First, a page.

This award scheme was set up in 2014 to celebrate good practice by researcher and CBS staff currently working at Imperial.

mice in a cage

Nomination for 2024 is now open. Deadline for submission is Friday 15 of March 2024.

The winners will receive £1000, and are encouraged to use part of the money to cover costs associated with the presentation of the award-winning work to a wider audience. These costs may include registration fees and travel fares to attend a conference, journal open access fees, or costs associated with developing or attending a public engagement event.

All nominees must be employed by or studying at Imperial at the time of the nomination and undertaking the nominated research or work at the College. Nominations can be made by yourself or by a colleague/manager.



Prize categories and eligibility criteria


Category 1: Application of the 3Rs in current or recent work - CBS staff

  • The nomination relates to work that is ongoing or has been completed within the last 12 months.
  • The nominee is a member of CBS staff.

Category 2: Application of the 3Rs in current or recent research - researchers

  • The nomination relates to work that is ongoing or has been completed within the last 12 months.
  • The nominee is not a member of CBS staff and is more likely to be a junior researcher (postdoc or PhD student) rather than a PI.

Category 3: Team award

  • The nomination relates to research that has involved a good example of team work between research and CBS staff within the last 12 months.
  • The nominees will be a team of both research and CBS staff.

Category 4: Public engagment award

  • The nominee has shown a significant commitment to interacting with public audiences, through college events or through media presentations, about the role of animal research in biomedical discovery, or has been proactive in providing other opportunities for the public to find out about research using animals.
  • The nominee(s) will be a researcher or CBS staff member, or other College staff.

This award recognises the College’s commitment to the Concordat on Openness in Animal Research.

How to apply

Submit the following information to by 17.00 on Friday 15 of March 2024:

  1. Name and job title of applicant:
  2. Name and job title of nominee (if different from above):
  3. Nomination category:
  4. 500 word description of why you or your nominee deserves an award, which for categories 1-3 must include a clear description of how at least one of the 3Rs have been implemented in your work. Describe the impact in terms of effect on numbers of animals used, species, pain and distress category, and/or additional information gained and whether there is potential for information regarding the method to be made available to others internally and/or externally.

Examples of the 3Rs

Refinement is likely to be the R where CBS staff can have a direct impact. It is about improving animal welfare and reducing any potential pain or distress. Simply improving housing and care in research – often through ‘environmental enrichment’ – means animals live better lives with less stress. For example, food rewards can be used to train animals or as rewards e.g. after taking a blood sample. Rodents can be housed in a red plastic refuge so they feel they’re nesting in a dark place (they can’t see through red), yet it allows them to be seen and studied. And, of course, routinely keeping animals in social groups and giving them stimulating environments. For researchers, refinement could be development of better defined humane end points via the use of scoring sheets that leads to earlier termination of an experiment; better use of anaesthetics or analgesia to reduce pain etc.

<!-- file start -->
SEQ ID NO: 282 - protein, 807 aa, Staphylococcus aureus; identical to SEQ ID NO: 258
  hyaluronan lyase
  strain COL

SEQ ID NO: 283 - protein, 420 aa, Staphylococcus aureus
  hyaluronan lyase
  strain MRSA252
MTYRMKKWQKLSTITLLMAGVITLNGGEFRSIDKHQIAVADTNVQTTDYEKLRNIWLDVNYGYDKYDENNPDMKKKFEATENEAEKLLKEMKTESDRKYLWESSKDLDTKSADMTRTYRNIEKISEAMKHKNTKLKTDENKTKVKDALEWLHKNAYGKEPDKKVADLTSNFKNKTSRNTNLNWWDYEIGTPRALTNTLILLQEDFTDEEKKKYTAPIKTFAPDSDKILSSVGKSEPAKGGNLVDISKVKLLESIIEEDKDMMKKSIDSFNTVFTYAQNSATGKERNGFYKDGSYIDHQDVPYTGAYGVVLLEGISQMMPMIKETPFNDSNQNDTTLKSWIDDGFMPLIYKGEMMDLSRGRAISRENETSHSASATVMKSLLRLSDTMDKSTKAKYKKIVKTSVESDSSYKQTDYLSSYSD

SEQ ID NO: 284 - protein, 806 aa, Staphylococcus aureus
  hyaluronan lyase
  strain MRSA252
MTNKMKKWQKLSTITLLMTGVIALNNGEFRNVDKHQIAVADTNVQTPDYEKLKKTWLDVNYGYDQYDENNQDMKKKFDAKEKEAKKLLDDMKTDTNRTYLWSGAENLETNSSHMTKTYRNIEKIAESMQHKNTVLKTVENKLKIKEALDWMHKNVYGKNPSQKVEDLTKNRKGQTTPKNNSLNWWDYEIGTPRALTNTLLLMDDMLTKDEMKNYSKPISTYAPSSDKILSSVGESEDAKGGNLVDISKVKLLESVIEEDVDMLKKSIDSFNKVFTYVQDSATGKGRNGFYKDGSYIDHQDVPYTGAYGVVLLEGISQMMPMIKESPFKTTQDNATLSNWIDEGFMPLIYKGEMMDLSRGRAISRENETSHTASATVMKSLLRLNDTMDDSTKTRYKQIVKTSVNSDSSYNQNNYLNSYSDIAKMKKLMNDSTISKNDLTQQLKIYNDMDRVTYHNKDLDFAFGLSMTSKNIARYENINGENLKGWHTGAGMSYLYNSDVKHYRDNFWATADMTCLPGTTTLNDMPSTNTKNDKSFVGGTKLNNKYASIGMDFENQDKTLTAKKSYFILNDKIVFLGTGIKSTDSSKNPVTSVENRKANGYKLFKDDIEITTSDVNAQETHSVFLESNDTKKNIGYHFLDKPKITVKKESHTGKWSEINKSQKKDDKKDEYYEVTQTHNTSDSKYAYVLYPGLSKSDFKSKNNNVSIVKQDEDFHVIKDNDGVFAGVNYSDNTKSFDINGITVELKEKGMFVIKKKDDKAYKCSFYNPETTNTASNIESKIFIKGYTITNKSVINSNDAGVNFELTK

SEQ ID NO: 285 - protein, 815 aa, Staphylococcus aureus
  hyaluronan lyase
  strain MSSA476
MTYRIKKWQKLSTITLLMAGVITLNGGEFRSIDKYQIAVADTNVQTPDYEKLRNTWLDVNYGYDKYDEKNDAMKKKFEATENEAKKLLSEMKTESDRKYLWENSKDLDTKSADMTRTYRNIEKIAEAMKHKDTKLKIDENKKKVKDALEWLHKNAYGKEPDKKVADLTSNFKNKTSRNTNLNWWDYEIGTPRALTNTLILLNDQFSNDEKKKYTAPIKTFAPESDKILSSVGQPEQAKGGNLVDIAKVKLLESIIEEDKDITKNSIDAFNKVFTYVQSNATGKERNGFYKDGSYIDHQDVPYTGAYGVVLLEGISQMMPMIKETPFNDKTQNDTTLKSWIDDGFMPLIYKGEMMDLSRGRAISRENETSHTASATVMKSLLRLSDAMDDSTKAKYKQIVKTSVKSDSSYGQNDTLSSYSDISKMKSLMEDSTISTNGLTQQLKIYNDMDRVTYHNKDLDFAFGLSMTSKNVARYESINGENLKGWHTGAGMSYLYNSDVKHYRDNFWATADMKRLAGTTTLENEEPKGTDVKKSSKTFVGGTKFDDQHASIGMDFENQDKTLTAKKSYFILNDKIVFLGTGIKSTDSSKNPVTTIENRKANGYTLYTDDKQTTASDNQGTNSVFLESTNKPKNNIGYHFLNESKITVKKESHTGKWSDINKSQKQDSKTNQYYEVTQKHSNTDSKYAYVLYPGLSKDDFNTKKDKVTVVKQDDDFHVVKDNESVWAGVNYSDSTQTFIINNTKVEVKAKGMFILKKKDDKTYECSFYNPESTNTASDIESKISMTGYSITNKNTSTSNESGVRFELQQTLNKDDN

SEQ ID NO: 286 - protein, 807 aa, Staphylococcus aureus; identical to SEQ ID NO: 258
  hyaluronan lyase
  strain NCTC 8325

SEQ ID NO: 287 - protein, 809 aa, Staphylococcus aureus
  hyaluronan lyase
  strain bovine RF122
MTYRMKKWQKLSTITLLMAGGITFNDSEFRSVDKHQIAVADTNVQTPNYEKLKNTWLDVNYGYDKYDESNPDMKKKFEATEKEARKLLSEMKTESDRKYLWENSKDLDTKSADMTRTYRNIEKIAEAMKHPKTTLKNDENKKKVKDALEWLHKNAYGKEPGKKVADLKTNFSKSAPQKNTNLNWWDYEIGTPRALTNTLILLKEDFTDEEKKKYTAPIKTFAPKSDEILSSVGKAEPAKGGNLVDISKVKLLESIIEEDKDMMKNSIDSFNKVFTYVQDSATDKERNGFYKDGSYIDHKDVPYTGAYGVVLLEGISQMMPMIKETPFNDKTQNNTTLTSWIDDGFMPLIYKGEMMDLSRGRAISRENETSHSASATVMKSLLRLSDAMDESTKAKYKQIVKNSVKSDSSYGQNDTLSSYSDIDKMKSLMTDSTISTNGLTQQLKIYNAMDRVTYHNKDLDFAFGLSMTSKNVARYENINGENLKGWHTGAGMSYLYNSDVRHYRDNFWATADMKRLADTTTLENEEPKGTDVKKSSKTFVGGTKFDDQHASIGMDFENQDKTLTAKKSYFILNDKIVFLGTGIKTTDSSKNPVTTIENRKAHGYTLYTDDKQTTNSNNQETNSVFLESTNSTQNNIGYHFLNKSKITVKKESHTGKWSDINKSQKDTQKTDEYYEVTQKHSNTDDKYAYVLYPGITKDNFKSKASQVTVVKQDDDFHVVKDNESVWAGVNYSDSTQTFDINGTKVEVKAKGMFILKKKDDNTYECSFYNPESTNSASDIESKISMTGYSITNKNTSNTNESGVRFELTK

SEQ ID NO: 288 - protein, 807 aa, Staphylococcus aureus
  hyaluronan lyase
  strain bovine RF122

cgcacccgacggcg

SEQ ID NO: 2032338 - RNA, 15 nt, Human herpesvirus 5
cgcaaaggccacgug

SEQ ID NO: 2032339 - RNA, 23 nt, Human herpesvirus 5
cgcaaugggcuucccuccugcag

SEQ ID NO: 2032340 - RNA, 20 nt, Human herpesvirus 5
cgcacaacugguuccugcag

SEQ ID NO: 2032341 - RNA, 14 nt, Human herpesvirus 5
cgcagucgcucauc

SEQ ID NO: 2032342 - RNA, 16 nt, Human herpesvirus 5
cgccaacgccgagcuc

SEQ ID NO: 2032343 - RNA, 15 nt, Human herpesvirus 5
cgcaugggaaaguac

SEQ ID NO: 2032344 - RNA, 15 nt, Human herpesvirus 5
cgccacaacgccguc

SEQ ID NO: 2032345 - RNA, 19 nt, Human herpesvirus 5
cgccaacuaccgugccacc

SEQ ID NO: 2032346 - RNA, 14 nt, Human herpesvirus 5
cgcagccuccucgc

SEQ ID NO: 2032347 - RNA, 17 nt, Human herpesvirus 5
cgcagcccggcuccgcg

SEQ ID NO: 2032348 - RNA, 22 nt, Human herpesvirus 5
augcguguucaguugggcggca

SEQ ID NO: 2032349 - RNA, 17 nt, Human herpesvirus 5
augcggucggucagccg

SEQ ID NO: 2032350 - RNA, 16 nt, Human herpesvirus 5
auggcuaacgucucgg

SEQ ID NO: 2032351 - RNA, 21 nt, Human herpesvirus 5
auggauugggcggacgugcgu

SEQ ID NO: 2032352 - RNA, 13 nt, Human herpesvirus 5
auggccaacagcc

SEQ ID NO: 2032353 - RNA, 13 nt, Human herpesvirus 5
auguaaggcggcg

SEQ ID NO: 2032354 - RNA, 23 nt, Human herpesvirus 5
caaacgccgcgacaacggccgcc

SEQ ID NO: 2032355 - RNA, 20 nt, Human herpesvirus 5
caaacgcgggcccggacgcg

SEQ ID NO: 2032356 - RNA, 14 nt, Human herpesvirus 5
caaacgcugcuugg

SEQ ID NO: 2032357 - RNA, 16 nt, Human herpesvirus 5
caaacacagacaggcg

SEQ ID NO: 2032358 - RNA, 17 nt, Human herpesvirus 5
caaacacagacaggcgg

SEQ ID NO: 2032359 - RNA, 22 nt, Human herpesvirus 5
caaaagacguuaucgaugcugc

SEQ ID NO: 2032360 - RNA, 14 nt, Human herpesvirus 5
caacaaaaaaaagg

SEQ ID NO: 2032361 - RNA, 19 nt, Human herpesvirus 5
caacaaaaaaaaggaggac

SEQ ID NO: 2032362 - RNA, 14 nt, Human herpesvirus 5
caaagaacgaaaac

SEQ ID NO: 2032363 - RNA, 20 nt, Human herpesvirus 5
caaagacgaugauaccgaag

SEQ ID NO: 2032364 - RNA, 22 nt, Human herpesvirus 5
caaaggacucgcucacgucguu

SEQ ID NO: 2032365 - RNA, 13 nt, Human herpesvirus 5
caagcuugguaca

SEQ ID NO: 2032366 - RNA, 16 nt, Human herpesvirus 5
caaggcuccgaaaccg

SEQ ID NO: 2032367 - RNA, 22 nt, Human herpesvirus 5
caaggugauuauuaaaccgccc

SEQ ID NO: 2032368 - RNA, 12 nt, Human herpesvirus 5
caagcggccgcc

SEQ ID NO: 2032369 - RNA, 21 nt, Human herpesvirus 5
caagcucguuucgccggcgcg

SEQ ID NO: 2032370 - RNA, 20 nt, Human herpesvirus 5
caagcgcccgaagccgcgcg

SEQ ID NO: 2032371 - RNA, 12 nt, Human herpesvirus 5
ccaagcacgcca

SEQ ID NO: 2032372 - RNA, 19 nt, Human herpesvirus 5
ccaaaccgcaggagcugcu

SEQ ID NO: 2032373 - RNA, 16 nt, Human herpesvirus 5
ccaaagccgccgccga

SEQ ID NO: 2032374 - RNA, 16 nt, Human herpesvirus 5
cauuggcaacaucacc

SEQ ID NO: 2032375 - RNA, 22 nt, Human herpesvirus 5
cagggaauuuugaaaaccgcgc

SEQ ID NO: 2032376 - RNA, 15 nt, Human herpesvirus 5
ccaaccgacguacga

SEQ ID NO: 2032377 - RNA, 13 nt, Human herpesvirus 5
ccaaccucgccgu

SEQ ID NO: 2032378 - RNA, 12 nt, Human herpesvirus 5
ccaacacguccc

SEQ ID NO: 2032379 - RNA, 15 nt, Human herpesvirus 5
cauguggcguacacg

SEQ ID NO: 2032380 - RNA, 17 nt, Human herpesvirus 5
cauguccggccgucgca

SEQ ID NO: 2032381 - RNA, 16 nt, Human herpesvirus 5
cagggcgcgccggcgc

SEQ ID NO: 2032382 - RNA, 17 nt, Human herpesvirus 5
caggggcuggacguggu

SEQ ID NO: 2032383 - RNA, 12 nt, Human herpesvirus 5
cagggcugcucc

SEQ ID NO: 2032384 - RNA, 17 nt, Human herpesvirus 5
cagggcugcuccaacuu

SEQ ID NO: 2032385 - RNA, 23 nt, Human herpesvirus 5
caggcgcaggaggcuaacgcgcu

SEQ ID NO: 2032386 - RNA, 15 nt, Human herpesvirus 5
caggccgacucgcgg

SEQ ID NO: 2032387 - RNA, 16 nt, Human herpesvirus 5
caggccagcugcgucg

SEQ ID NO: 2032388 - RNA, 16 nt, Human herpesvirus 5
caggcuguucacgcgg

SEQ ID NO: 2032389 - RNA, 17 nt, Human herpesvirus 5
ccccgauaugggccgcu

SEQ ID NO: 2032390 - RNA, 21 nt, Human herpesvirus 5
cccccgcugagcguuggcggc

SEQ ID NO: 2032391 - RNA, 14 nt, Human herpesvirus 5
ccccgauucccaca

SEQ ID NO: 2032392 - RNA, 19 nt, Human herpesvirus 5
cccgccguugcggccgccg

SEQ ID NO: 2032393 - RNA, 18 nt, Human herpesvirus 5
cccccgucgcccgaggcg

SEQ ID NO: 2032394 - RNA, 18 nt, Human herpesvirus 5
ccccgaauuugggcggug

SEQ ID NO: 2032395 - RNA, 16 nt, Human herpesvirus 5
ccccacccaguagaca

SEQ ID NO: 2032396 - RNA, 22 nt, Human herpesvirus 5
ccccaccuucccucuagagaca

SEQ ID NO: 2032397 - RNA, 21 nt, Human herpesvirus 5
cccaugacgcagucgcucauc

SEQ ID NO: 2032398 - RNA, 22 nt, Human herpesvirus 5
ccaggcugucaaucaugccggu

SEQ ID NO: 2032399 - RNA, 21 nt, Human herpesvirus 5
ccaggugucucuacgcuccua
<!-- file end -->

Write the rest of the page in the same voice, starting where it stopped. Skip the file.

Reduction - good experimental design and statistical analysis ensure that researchers use the optimum number of animals. Examples include improved experimental design and statistical analysis, sharing data and resources (e.g. animals and equipment) between research groups and organisations and the use of technologies, such as imaging, to enable longitudinal studies in the same animals. Measures like freezing embryos mean that fewer rodents are needed for genetic modification breeding programmes – they can be implanted when needed. Using inbred animals means researchers can get reliable results from fewer of them. Please remember that ASPA is about reducing pain, suffering, distress or lasting harm so if your reduction leads to an increase of any of these in the animal then this is not a relevant 3Rs initiative.

Replacement - Non-animal research techniques have helped us to reduce the number of situations in which animal procedures are needed. These techniques include the use of statistical data already obtained from animal research, studies of isolated cells and tissues, computer models that simulate an animal’s response to specific experiments, and studies of human tissues, patients and population cohorts.